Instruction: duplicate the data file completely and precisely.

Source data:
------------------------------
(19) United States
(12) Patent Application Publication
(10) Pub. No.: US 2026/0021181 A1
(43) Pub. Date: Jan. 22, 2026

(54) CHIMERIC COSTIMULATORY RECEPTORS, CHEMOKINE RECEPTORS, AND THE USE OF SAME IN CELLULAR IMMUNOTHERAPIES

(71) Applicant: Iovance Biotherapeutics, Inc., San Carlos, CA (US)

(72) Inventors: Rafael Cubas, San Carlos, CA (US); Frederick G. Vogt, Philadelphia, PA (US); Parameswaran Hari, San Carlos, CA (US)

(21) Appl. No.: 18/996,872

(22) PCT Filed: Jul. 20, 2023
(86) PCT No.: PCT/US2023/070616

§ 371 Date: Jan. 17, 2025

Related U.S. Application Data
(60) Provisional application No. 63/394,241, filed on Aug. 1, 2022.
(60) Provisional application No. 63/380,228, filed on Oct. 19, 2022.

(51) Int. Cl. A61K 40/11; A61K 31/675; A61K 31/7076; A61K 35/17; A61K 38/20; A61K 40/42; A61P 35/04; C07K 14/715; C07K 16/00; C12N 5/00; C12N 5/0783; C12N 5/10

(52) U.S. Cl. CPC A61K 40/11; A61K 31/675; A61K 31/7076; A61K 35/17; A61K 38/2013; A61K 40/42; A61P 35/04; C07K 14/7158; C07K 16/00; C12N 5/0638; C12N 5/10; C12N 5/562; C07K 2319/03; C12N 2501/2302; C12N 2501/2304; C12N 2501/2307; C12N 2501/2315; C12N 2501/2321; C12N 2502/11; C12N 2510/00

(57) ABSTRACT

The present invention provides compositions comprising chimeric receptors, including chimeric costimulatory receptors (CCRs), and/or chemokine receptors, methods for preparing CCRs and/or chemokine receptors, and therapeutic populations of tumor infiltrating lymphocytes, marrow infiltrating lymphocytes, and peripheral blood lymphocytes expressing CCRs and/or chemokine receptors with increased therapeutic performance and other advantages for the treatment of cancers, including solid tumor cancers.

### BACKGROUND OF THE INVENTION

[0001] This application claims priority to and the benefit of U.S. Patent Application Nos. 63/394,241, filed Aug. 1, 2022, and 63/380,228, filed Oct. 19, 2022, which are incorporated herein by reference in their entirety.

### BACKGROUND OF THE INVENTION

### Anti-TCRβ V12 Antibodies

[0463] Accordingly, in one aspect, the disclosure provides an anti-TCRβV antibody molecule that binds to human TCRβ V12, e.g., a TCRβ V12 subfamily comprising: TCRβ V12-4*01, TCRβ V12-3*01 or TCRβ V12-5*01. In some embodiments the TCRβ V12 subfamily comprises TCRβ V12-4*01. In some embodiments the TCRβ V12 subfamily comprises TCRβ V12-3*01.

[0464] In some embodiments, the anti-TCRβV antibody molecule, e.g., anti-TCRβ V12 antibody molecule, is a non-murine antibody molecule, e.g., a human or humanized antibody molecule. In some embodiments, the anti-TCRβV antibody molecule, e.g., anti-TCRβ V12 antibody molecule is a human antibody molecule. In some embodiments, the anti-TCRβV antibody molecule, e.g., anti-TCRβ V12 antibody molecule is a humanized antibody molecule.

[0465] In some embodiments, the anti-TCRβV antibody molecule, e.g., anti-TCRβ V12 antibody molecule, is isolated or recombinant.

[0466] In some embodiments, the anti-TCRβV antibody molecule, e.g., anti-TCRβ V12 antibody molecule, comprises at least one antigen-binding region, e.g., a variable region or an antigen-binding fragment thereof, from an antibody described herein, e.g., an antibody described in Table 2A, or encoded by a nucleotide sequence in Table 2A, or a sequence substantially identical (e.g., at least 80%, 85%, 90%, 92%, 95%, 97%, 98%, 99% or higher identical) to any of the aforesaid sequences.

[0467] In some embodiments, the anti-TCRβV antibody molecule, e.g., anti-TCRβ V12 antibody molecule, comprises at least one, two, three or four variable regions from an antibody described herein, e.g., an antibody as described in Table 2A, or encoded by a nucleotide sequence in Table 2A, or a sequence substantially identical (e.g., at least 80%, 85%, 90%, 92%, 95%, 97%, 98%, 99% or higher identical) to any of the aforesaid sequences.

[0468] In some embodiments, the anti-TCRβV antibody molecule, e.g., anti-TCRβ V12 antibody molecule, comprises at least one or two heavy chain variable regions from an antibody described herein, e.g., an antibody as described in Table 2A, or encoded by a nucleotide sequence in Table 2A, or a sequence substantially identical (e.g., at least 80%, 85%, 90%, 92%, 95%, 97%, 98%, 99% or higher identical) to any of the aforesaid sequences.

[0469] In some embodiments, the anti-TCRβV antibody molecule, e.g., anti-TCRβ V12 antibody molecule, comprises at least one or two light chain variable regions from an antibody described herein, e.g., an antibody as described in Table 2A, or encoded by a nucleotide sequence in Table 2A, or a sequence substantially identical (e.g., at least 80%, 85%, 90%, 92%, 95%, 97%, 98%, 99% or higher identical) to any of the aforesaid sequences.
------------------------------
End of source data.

(19) United States
(12) Patent Application Publication
(10) Pub. No.: US 2026/0021181 A1
(43) Pub. Date: Jan. 22, 2026

(54) CHIMERIC COSTIMULATORY RECEPTORS, CHEMOKINE RECEPTORS, AND THE USE OF SAME IN CELLULAR IMMUNOTHERAPIES

(71) Applicant: Iovance Biotherapeutics, Inc., San Carlos, CA (US)

(72) Inventors: Rafael Cubas, San Carlos, CA (US); Frederick G. Vogt, Philadelphia, PA (US); Parameswaran Hari, San Carlos, CA (US)

(21) Appl. No.: 18/996,872

(22) PCT Filed: Jul. 20, 2023
(86) PCT No.: PCT/US2023/070616

§ 371 Date: Jan. 17, 2025

Related U.S. Application Data
(60) Provisional application No. 63/394,241, filed on Aug. 1, 2022.
(60) Provisional application No. 63/380,228, filed on Oct. 19, 2022.

(51) Int. Cl. A61K 40/11; A61K 31/675; A61K 31/7076; A61K 35/17; A61K 38/20; A61K 40/42; A61P 35/04; C07K 14/715; C07K 16/00; C12N 5/00; C12N 5/0783; C12N 5/10

(52) U.S. Cl. CPC A61K 40/11; A61K 31/675; A61K 31/7076; A61K 35/17; A61K 38/2013; A61K 40/42; A61P 35/04; C07K 14/7158; C07K 16/00; C12N 5/0638; C12N 5/10; C12N 5/562; C07K 2319/03; C12N 2501/2302; C12N 2501/2304; C12N 2501/2307; C12N 2501/2315; C12N 2501/2321; C12N 2502/11; C12N 2510/00

(57) ABSTRACT

The present invention provides compositions comprising chimeric receptors, including chimeric costimulatory receptors (CCRs), and/or chemokine receptors, methods for preparing CCRs and/or chemokine receptors, and therapeutic populations of tumor infiltrating lymphocytes, marrow infiltrating lymphocytes, and peripheral blood lymphocytes expressing CCRs and/or chemokine receptors with increased therapeutic performance and other advantages for the treatment of cancers, including solid tumor cancers.

### BACKGROUND OF THE INVENTION

[0001] This application claims priority to and the benefit of U.S. Patent Application Nos. 63/394,241, filed Aug. 1, 2022, and 63/380,228, filed Oct. 19, 2022, which are incorporated herein by reference in their entirety.

### BACKGROUND OF THE INVENTION

### Anti-TCRβ V12 Antibodies

[0463] Accordingly, in one aspect, the disclosure provides an anti-TCRβV antibody molecule that binds to human TCRβ V12, e.g., a TCRβ V12 subfamily comprising: TCRβ V12-4*01, TCRβ V12-3*01 or TCRβ V12-5*01. In some embodiments the TCRβ V12 subfamily comprises TCRβ V12-4*01. In some embodiments the TCRβ V12 subfamily comprises TCRβ V12-3*01.

[0464] In some embodiments, the anti-TCRβV antibody molecule, e.g., anti-TCRβ V12 antibody molecule, is a non-murine antibody molecule, e.g., a human or humanized antibody molecule. In some embodiments, the anti-TCRβV antibody molecule, e.g., anti-TCRβ V12 antibody molecule is a human antibody molecule. In some embodiments, the anti-TCRβV antibody molecule, e.g., anti-TCRβ V12 antibody molecule is a humanized antibody molecule.

[0465] In some embodiments, the anti-TCRβV antibody molecule, e.g., anti-TCRβ V12 antibody molecule, is isolated or recombinant.

[0466] In some embodiments, the anti-TCRβV antibody molecule, e.g., anti-TCRβ V12 antibody molecule, comprises at least one antigen-binding region, e.g., a variable region or an antigen-binding fragment thereof, from an antibody described herein, e.g., an antibody described in Table 2A, or encoded by a nucleotide sequence in Table 2A, or a sequence substantially identical (e.g., at least 80%, 85%, 90%, 92%, 95%, 97%, 98%, 99% or higher identical) to any of the aforesaid sequences.

[0467] In some embodiments, the anti-TCRβV antibody molecule, e.g., anti-TCRβ V12 antibody molecule, comprises at least one, two, three or four variable regions from an antibody described herein, e.g., an antibody as described in Table 2A, or encoded by a nucleotide sequence in Table 2A, or a sequence substantially identical (e.g., at least 80%, 85%, 90%, 92%, 95%, 97%, 98%, 99% or higher identical) to any of the aforesaid sequences.

[0468] In some embodiments, the anti-TCRβV antibody molecule, e.g., anti-TCRβ V12 antibody molecule, comprises at least one or two heavy chain variable regions from an antibody described herein, e.g., an antibody as described in Table 2A, or encoded by a nucleotide sequence in Table 2A, or a sequence substantially identical (e.g., at least 80%, 85%, 90%, 92%, 95%, 97%, 98%, 99% or higher identical) to any of the aforesaid sequences.

[0469] In some embodiments, the anti-TCRβV antibody molecule, e.g., anti-TCRβ V12 antibody molecule, comprises at least one or two light chain variable regions from an antibody described herein, e.g., an antibody as described in Table 2A, or encoded by a nucleotide sequence in Table 2A, or a sequence substantially identical (e.g., at least 80%, 85%, 90%, 92%, 95%, 97%, 98%, 99% or higher identical) to any of the aforesaid sequences.